Another part was a mistake I made by doing

[java]if (target.distanceSquared(location) < closest.distance(location))[/java]

That didn’t make much sense, so I fixed that either.

As the final part, I needed to calculate signed distance, something I was already doing, so I decided to extend the line class to add this functionality

[java]import com.jme3.math.Line;

import com.jme3.math.Vector3f;

public class MyLine extends Line {

public MyLine() {

}

public MyLine(Vector3f origin, Vector3f direction) {

super(origin, direction);

}

public Vector3f computeNormal(Vector3f direction) {

return direction.cross(Vector3f.UNIT_Y);

}

public float signedDistance(Vector3f point) {

return point.subtract(getOrigin()).dot(computeNormal(getDirection()));

}

}

[/java]

I also used the ideas of @pspeed to get the real collision check by adding the target radius to the collision range check, as it makes no sense to ignore it. Actually, by ignoring it, the solution would be wrong.

So, for the final solution, here’s the algorithm (if anyone is interested)

[java] public Vector3f calculateForce(Vector3f location, Vector3f velocity, float collisionRadius, float speed, float turnSpeed, float tpf, List<Obstacle> obstacles) {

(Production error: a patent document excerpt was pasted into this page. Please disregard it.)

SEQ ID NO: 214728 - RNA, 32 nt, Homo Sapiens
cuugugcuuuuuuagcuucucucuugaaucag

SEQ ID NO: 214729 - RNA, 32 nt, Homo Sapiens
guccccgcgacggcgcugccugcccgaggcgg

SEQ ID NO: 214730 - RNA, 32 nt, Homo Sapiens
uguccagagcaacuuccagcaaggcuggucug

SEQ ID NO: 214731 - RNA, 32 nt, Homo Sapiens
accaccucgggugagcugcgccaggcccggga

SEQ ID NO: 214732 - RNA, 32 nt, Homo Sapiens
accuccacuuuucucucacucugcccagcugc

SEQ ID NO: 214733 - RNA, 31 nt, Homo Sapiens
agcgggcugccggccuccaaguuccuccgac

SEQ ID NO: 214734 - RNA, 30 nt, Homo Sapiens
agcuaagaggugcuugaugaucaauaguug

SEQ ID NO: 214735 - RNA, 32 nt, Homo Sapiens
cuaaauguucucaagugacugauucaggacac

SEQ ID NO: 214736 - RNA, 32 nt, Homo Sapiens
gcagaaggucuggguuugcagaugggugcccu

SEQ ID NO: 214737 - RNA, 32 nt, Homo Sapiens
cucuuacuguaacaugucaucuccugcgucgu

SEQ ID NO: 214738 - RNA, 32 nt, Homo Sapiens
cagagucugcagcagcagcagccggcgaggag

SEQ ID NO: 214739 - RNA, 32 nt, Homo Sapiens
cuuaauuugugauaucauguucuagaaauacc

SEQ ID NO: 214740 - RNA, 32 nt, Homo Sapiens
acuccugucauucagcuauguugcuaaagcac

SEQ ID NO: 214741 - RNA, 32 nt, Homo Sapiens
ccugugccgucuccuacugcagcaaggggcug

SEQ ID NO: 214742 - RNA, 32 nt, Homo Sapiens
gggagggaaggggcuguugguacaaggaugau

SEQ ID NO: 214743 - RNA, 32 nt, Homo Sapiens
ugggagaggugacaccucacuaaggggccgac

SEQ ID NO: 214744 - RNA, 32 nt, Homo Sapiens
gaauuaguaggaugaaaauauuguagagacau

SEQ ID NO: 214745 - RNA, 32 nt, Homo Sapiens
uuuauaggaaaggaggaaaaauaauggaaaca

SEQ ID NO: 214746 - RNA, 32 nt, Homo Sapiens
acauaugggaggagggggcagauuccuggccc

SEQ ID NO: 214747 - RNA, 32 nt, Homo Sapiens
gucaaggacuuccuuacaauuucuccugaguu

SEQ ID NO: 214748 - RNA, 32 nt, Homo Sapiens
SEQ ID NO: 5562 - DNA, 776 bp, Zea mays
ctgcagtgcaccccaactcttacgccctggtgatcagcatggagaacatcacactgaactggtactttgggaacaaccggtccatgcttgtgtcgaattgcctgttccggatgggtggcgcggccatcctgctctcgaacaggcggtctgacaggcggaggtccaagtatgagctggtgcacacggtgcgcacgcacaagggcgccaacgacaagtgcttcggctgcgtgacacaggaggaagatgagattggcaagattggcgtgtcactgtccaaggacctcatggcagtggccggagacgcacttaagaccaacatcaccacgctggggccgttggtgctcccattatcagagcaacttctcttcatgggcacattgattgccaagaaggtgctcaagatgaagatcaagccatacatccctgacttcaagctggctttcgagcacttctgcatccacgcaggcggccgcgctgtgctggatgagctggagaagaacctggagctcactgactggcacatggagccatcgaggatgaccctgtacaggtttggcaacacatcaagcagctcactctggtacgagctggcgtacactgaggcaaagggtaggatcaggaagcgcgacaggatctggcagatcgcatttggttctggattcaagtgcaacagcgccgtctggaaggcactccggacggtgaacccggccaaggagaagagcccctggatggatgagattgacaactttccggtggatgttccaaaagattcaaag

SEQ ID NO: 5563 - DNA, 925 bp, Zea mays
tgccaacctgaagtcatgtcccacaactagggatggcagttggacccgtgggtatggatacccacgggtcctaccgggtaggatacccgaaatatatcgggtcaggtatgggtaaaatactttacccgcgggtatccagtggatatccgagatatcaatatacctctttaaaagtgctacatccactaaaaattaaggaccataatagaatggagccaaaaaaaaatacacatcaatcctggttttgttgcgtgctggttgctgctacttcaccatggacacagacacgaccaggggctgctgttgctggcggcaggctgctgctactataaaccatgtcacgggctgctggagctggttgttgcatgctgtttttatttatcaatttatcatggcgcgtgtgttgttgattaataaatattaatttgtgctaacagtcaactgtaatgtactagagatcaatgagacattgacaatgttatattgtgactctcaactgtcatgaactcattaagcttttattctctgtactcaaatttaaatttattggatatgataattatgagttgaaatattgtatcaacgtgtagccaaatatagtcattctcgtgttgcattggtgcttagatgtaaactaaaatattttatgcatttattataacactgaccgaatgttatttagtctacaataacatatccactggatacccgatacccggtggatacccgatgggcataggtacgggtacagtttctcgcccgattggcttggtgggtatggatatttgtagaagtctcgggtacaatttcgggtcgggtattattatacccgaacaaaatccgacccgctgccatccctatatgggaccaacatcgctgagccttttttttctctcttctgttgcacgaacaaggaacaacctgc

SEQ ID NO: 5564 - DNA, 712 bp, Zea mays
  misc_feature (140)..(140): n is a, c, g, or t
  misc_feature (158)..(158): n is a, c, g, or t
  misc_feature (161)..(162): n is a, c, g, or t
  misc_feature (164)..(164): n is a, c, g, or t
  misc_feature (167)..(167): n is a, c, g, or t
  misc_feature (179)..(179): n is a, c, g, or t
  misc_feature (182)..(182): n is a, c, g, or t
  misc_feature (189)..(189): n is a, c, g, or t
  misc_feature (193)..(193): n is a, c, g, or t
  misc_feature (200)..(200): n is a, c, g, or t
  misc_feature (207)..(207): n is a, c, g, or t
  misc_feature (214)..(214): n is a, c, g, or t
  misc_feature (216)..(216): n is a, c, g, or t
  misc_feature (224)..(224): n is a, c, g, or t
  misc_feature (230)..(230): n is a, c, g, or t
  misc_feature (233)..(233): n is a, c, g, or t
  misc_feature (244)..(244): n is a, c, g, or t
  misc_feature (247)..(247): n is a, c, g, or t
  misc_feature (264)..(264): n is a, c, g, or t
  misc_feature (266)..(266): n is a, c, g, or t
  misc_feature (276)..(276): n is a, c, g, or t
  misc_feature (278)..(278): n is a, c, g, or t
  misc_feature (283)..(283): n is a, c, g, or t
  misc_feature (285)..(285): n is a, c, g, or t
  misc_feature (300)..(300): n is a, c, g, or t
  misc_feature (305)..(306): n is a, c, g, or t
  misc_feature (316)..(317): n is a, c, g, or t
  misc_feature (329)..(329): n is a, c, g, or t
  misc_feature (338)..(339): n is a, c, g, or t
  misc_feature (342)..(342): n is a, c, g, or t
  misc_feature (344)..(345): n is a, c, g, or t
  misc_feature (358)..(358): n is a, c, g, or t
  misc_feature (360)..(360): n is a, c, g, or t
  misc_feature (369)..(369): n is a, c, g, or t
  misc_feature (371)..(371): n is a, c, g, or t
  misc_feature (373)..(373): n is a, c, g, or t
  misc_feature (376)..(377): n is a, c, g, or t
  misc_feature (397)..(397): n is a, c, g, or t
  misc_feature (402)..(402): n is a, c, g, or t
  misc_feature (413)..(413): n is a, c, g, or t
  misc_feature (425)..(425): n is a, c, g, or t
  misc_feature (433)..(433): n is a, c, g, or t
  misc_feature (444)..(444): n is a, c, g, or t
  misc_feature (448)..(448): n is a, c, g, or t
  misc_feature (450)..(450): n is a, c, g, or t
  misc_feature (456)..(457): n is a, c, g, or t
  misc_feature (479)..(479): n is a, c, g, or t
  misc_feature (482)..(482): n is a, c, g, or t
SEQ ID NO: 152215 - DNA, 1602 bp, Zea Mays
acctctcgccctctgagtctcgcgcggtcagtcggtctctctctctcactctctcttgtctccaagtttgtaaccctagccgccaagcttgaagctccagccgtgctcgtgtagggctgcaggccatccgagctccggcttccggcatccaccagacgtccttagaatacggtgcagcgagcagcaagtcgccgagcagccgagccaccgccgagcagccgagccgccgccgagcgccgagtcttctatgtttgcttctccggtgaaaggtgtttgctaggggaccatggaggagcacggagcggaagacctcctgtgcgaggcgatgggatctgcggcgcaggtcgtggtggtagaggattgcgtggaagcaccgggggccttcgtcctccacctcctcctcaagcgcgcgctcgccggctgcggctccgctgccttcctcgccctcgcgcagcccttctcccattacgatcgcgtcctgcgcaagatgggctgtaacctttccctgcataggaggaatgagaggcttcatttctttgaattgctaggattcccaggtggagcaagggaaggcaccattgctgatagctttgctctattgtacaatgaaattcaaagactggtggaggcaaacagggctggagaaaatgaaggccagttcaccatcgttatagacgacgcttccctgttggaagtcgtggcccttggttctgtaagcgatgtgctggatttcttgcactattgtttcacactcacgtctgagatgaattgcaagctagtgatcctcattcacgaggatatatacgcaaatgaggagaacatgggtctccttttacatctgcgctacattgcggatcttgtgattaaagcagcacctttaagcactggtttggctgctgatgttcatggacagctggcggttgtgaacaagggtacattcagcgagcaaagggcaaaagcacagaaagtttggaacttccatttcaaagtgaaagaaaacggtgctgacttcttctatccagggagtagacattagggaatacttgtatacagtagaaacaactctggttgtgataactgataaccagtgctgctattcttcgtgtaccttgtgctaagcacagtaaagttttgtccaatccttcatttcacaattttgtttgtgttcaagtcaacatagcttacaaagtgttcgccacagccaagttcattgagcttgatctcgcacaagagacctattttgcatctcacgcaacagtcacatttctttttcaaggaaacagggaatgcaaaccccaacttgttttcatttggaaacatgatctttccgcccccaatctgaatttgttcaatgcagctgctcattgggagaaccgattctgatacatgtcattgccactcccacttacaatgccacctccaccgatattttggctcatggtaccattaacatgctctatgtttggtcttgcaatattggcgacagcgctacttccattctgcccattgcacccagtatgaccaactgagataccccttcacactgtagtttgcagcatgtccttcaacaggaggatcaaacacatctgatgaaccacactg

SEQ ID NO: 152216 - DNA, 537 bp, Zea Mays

float cautionRange = speed / turnSpeed;

MyLine line = new MyLine(location, velocity.normalize());

Vector3f closest = Vector3f.POSITIVE_INFINITY;

for (Obstacle obs : obstacles) {

Vector3f target = obs.getLocation();

// If the obstacle isn’t ahead of him, just ignore it

if (line.getDirection().dot(target.subtract(location)) <= 0) {

continue;

}

// Check if the target is inside the check radius

if (location.distance(target) <= cautionRange) {

// Check if the target will collide with the source

// Store the closest target

if (target.distance(location) < closest.distance(location))

closest = obs.getLocation();

}

}

}

// If any target was found

if (!closest.equals(Vector3f.POSITIVE_INFINITY)) {

// The steering force will try to steer for the sides away from the target, instead of negating it’s location

// That way, the source just turn the minimum away needed to avoid the collision

Vector3f steeringForce = velocity.normalize().cross(Vector3f.UNIT_Y);

if (line.signedDistance(closest) > 0) // He’s on the left side, just negate the steering force

steeringForce.negateLocal();

return steeringForce;

} else

return Vector3f.ZERO;

}[/java]

Now, the question is: is that code for calculating signed distance correct for a 3D plane? And for steering in a 3D plane?

This is really cool. I think I’m gonna apply this to my river generator. Here’s how it works currently:

Water is divided up into 2^n x 2*n sample points. All points are given average flow values based on the general direction and flow rate of the river. The shader then interpolates between the points to make water transition smoothly between the different flow-values.